What Should You Eat Post-Workout? We Asked A Nutritionist And A Personal Trainer To Find Out

You've just finished your last rep; now you'll need to focus on recovery. We asked the experts what to eat so you replenish your energy and repair your muscles.

post workout

You’ve blasted out a deadly session at the gym, the sweat is lashing off you and you know your muscles are going to be sore in the morning. You go, girlfriend.

Now though, you’ll need to focus on recovery, and that means scoffing foods that offer your body what it needs to repair itself.

The ideal post-workout meal should fulfill three things, explains nutritional coach Lyda Borgsteijn. “It will replenish lost energy stores, increase muscle size or quality and repair damage caused by the workout. As well as that it can also improve fat burning and decrease muscle soreness.”

Right, so what should you be eating? “When thinking about your post workout meal note that your muscles are primed to accept nutrients that can stimulate muscle repair, muscle growth, and muscle strength,” explains Lyda. “So when looking at what to eat, focus on two things: Protein and carbohydrates.”

Recalibrated bodies personal trainer Amanda Moroney tells us what she opts for post-workout.

Protein Isolate

“This is one of the fastest releasing forms of protein around, so it’s quick digesting,” explains Amanda. “This means it quickly reaches the muscles to provide amino acids for repair and recovery.” Mix a scoop into a litre of water post-training and guzzle within 30 minutes of your session.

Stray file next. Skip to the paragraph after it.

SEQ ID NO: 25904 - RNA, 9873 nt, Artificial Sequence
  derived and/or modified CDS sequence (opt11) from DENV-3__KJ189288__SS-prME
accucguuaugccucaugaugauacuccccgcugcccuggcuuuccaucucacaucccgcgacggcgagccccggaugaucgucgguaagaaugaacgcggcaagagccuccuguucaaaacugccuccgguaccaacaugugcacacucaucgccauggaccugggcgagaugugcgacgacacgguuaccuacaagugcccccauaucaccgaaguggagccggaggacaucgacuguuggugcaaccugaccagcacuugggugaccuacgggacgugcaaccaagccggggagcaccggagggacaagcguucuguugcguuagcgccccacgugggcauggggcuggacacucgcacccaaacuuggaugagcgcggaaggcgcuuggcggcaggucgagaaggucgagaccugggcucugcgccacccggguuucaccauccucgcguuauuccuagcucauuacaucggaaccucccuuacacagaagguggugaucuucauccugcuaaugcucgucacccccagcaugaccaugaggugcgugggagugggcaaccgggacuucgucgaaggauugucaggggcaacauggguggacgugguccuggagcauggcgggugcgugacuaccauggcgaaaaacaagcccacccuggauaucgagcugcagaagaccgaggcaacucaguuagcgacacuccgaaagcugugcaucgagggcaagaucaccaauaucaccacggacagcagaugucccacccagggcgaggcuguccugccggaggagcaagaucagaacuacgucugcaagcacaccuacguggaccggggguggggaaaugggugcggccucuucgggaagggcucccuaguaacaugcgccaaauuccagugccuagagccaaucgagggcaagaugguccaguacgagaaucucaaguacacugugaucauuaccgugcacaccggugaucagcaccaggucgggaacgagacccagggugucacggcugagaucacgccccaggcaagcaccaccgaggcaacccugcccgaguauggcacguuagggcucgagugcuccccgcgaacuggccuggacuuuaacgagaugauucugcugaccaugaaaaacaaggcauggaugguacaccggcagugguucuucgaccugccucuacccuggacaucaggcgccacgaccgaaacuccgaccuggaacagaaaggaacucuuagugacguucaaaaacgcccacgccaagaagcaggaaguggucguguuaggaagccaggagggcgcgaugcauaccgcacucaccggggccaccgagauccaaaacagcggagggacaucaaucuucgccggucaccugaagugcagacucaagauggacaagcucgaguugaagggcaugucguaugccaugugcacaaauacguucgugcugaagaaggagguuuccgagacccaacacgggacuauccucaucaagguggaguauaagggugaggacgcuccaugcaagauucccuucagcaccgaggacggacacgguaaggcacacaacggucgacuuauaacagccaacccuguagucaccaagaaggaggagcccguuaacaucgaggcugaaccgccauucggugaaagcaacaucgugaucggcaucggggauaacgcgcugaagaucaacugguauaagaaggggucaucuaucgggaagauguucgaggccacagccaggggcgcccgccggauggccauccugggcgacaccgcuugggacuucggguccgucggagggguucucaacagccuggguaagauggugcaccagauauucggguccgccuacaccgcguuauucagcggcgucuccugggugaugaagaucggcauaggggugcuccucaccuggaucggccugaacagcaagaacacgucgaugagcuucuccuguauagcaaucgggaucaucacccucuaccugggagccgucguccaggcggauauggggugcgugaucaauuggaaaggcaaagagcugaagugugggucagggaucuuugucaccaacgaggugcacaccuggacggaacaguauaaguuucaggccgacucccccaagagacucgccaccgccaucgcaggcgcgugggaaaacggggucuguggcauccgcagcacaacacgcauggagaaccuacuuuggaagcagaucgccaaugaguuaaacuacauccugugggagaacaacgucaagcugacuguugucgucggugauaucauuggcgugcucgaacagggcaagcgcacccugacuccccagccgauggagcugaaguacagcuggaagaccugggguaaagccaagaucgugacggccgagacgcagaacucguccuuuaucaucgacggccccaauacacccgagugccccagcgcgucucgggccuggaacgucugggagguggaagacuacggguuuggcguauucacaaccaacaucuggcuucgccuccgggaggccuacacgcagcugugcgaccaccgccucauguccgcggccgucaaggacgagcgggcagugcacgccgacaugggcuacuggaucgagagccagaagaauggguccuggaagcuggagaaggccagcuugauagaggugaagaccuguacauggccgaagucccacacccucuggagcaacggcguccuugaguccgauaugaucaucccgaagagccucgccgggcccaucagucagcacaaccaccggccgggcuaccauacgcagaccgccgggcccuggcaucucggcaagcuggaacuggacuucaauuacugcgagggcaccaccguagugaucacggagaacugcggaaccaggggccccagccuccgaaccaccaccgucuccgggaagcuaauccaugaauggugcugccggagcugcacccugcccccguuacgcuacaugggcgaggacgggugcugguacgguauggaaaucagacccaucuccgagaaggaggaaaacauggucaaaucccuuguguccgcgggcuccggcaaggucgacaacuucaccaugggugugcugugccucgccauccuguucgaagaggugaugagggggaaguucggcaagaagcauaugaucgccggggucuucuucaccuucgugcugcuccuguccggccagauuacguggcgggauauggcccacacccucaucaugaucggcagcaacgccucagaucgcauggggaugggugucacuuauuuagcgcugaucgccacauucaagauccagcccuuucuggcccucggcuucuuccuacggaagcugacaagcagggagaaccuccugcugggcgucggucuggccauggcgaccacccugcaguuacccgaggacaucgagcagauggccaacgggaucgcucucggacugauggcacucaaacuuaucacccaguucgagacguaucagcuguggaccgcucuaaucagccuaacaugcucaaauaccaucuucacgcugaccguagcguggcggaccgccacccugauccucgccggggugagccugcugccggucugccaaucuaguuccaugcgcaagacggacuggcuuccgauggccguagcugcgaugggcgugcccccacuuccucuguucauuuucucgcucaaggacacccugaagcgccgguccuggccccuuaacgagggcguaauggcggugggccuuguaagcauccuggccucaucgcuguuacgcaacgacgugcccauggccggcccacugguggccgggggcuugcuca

Bananas and blueberries

“Banana and blueberries are a great source of potassium and magnesium so help with replacing essential electrolytes lost during training,” explains Amanda “This combination also helps reduce inflammation within the body, which is a given during a tough session. I blend my protein powder together with this mix and drink immediately after finishing the session.”

Lean protein

Training on the reg? You’ll need to stock up on lean protein like chicken and fish. “This will provide the body with all essential and non-essential amino acids,” says Amanda. “When lifting weights, micro-tears occur within the muscle tissue so it’s important to provide your body with enough protein in the post-training window to assist with repair.”

High GI carbs

“Although high GI foods have a bad wrap, unprocessed high GI foods in fact aid in minimising fat storage and increasing muscle recovery post training.” High GI foods include rice and potatoes, making them a great choice after your workout.

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